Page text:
Gary: “In a pack, Advent is the standard. But I do think there is interest in producing a bigger-spec feature plant for the landscape purposes. Back in the 80s during my Natural Beauty time, we grew 6-in. pots of V-10 Amy for Disney for the landscape.”

Best for no PGRs (naturally compact)

Gary: “Gotta go Kayla. Kayla is a beautiful variety that’s really naturally compact, has a good color.”

Steve: “I agree with Kayla, but I’d also add Pepita. It stacks up the leaves really tight. It’s used in Europe for that same reason.”

Rebecca: “Kayla for sure, just for the natural compactness. But I would also add Viking Pro. You want to choose a variety that doesn’t produce a lot of lower laterals too readily and profusely because that’s where the need for early PGRs comes in.”

Best for red/white combination pots

Gary: “Our top red/white—and we have a lot of the market with it—is the Joy family, Joy Red and Joy White. It’s our anchor in that arena.”

Steve: “Lazzeri has done a great job in that category, so take your pick from them. But also, traditionally, Red Glitter that Ecke had is not the most bright, but the strength of that plant is not to be left out.”

Rebecca: “I like Joy for early, that’s really the standard for early combos. But if you need late, Leona from Beekenkamp is a good option.”

Article ImageFavorite “oddball” novelty

Gary: “Right now, my favorite oddball novelty is Autumn Leaves. Just because the color has so much power and it’s a true novelty because it’s multi-shaded. But what we are launching is Sky types—red bracts with white spots, very much like a Sky-type petunia. They’re all sports from a grower in Germany … we’re doing a bunch of cultural regimes so we can figure out how to actually manage [the pattern].”   

Steve: “There is a plant called Fiesta Sunrise that’s not on the market that has gotten me so much attention. It’s a gold with jingle. The marketplace really responds to it and I get requests all the time, but we really can’t produce it.”

Rebecca: “I love Christmas Mouse. I think it’s so cute!”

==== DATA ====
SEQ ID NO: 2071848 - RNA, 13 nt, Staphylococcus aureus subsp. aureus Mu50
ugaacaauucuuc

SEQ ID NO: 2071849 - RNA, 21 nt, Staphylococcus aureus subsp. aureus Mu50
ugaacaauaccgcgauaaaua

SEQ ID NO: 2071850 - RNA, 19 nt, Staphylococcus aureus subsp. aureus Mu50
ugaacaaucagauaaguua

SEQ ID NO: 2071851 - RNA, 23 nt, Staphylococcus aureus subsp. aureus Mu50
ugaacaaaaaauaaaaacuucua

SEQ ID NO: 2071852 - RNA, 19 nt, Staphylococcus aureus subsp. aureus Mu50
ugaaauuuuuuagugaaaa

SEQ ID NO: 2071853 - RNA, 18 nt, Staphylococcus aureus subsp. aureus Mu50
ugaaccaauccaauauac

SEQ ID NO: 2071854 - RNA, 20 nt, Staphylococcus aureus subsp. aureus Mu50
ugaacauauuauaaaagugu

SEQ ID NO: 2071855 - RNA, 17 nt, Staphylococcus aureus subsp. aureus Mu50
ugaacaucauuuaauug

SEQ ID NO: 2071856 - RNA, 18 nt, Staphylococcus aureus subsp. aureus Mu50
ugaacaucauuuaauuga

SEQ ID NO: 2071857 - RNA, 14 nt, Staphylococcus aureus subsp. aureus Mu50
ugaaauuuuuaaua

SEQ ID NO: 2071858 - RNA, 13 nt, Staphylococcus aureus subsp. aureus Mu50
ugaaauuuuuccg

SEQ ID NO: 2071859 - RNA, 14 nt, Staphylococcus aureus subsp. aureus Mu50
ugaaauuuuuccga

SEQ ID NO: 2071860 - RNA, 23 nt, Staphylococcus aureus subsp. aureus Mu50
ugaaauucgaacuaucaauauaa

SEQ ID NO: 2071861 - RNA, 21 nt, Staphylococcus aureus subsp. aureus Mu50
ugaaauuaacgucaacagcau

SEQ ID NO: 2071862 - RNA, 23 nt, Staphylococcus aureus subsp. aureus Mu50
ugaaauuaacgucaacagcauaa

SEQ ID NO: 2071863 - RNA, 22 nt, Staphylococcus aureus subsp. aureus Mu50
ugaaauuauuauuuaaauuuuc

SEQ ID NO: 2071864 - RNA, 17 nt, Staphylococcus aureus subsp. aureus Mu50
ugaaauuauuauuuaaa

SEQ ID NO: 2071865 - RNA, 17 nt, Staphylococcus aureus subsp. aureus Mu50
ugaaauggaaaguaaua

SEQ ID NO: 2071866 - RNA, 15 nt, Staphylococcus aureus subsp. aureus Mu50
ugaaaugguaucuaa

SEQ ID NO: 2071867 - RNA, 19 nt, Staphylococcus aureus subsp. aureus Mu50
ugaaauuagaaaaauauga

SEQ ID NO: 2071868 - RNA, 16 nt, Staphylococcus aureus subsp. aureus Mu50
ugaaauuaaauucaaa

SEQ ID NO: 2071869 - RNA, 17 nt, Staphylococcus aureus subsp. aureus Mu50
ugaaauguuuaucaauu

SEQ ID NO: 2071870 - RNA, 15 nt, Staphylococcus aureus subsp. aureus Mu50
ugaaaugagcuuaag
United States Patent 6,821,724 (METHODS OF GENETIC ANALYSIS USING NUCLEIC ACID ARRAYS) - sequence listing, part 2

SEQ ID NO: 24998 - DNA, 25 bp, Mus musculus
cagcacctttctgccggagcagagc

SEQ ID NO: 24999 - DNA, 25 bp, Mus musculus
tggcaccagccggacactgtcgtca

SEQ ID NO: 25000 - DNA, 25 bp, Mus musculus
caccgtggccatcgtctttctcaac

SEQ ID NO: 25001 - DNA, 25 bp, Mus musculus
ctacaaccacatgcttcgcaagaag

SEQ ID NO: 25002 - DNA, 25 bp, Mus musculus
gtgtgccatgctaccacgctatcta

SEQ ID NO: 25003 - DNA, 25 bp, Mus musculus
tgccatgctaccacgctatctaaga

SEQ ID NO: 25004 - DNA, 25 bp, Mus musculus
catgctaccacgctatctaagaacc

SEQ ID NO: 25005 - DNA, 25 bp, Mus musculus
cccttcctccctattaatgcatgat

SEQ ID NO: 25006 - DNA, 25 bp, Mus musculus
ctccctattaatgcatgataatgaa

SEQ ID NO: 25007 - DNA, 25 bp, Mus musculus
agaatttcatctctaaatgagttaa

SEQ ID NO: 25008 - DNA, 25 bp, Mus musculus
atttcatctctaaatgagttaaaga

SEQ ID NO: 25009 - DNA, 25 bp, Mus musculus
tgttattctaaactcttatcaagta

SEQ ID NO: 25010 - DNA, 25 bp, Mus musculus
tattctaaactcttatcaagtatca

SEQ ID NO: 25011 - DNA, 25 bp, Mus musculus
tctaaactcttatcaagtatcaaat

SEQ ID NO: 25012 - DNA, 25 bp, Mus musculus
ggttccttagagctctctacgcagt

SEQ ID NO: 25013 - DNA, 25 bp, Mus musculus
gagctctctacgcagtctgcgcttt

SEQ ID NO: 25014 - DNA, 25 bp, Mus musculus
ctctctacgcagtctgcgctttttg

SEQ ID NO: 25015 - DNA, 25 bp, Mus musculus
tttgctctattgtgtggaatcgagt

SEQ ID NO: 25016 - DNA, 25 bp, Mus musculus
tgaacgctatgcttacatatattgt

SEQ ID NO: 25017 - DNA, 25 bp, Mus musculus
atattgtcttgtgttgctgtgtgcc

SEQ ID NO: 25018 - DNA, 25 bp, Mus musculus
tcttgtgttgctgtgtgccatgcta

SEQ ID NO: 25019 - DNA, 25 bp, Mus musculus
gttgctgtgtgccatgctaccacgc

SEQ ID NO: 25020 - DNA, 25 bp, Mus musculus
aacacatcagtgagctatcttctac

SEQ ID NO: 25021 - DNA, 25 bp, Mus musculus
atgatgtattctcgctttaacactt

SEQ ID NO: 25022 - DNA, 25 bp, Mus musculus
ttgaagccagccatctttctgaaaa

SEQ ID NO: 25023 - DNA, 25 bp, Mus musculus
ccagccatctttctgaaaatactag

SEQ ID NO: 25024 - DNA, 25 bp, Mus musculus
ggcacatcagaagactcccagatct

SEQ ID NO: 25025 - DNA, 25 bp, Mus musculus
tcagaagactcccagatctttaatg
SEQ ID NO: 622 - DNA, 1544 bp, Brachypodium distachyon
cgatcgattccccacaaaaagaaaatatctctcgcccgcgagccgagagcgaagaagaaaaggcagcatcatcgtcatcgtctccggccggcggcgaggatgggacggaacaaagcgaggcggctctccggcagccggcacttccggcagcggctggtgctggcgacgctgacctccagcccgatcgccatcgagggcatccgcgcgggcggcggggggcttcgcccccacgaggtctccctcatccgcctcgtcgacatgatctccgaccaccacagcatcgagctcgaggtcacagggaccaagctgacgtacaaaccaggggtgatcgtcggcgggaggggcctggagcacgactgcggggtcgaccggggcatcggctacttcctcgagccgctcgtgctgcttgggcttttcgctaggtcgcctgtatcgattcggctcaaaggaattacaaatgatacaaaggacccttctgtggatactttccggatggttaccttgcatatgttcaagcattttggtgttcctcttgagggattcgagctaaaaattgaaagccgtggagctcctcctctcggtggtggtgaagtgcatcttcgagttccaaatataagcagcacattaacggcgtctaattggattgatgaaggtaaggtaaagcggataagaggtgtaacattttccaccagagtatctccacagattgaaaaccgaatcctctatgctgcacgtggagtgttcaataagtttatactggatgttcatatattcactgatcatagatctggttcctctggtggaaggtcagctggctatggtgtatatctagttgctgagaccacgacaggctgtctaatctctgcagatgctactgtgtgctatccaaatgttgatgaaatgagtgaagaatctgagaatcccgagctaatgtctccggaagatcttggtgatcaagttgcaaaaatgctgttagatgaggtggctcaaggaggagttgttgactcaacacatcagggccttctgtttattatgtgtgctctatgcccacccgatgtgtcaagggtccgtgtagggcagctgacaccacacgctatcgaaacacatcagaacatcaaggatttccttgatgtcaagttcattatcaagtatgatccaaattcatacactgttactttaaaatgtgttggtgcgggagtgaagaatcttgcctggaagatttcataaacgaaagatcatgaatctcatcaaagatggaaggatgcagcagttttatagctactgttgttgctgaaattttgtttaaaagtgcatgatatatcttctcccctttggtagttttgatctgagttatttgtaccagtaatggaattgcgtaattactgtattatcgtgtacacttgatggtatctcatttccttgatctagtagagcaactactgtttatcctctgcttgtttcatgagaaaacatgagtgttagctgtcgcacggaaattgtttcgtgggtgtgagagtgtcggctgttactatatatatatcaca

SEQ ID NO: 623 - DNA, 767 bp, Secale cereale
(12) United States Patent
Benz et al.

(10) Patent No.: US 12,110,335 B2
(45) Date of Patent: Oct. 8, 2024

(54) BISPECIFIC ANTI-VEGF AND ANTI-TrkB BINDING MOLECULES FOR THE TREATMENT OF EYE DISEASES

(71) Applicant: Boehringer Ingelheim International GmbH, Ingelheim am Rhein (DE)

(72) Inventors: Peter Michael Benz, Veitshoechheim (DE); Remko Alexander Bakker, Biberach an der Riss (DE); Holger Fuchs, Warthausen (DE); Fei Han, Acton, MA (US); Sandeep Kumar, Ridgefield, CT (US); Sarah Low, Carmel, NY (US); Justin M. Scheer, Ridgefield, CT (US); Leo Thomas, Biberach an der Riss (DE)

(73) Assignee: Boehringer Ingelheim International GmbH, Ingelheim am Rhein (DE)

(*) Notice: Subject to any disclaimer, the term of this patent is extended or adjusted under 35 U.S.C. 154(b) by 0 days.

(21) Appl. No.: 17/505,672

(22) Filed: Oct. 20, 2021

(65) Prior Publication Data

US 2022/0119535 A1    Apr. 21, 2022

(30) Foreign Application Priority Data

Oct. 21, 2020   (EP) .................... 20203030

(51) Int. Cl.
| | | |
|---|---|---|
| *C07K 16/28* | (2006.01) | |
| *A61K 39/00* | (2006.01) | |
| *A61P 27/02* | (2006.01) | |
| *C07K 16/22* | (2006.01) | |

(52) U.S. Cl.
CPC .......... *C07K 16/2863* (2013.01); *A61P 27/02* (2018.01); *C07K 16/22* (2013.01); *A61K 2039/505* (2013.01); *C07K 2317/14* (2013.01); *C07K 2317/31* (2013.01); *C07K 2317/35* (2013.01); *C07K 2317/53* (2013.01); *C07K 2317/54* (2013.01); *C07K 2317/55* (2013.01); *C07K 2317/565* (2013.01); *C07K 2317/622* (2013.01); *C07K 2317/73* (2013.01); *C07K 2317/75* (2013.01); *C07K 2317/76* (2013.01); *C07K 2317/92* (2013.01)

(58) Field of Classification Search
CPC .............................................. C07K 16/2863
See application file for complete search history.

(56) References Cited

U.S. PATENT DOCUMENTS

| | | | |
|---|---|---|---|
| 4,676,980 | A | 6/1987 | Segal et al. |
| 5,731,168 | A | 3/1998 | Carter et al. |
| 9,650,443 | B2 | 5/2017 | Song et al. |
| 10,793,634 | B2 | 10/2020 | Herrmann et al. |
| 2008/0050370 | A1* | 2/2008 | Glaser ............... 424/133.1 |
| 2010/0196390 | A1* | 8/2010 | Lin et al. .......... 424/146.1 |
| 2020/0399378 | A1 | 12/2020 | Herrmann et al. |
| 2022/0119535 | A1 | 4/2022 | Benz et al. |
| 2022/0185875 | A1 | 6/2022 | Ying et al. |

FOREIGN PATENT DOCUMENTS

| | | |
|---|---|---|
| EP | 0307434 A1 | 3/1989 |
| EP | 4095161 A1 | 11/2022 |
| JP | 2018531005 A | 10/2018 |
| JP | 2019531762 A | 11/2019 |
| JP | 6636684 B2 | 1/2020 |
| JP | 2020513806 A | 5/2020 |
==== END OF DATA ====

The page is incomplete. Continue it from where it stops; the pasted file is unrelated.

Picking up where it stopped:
The poinsettia you wish you had bred

Rebecca: “Kayla from Beekenkamp. Hands down. I think it’s really a fantastic variety. It’s beautiful, it works in all regions, it’s really versatile.”

Gary: “Absolutely, without question, Kayla. It won’t work for 10-in., but it will run the gamut of all medium and small pot sizes, the timing, the dark red color, the good-looking bract—all of that checks a lot of high-priority boxes.”

Steve: “Through history there have only been a handful of varieties that have risen to the dominant-volume category. That was Hegg in its day, that was Freedom, that was Prestige. In today’s world, what is that variety? I think Christmas Beauty is headed toward that high-volume category. So I’d say Beauty.”

An old variety you’d like to bring back

Steve: “I’d go back to Renaissance. And if I can pick a second, it would be Visions of Grandeur.”

Rebecca: “I like a variety called Solstice, which was late, from the Ecke assortment. And Chianti—I love it, also.”

Gary: “I’m going back to the revolution of Hegg Top White. It was a radical breakthrough variety in the fact that it branched and it was the whitest thing we’d seen up to that point.”

Article ImageA poinsettia you wish had never been bred

Gary: “Cortez Burgundy. The buyer at Fred Meyer really loved this thing, so we had to grow lots of it, and it was the one we had to write the most credits on at the store. It looked great in the moment, but it would just start to fall apart the minute it left the bench.”

Rebecca: “I would agree with that 100%. It’s one we can’t talk growers through most of the time because it does some weird physiological things.”

Steve: “My original answer was going in the direction of poinsettias that had leaf drop—Angelika, Peterstar … They played a role in the market, but they weren’t the best for post-harvest. But I’m going to change to Gary’s answer.”

The best poinsettia of all time

Rebecca: “I’m going to say Prestige. It revolutionized the expectations of reduced stem breakage … it checked all the boxes. And for me, I learned about poinsettia production the most when we were introducing Prestige.”

Gary: “I can’t argue with Prestige. It revolutionized the concept of habit and durability that we just didn’t think about before. When Prestige hit the market, it raised the bar … it set a standard that we still breed to today.”

Steve: “It’s hard to argue against Prestige—it was a good one, it still is—but Freedom also did that in the generation prior, really took it to the next level, as well. But there was also Red Velvet, and its sports, Autumn Red and Velveteen. In one fancy-grade, florist-quality series we could do early, mid and late timing. It was genius! Oh my gosh. I’m going to make Red Velvet my best.” GT 

Hear the entire uncut conversation in podcast form.

Watch the video.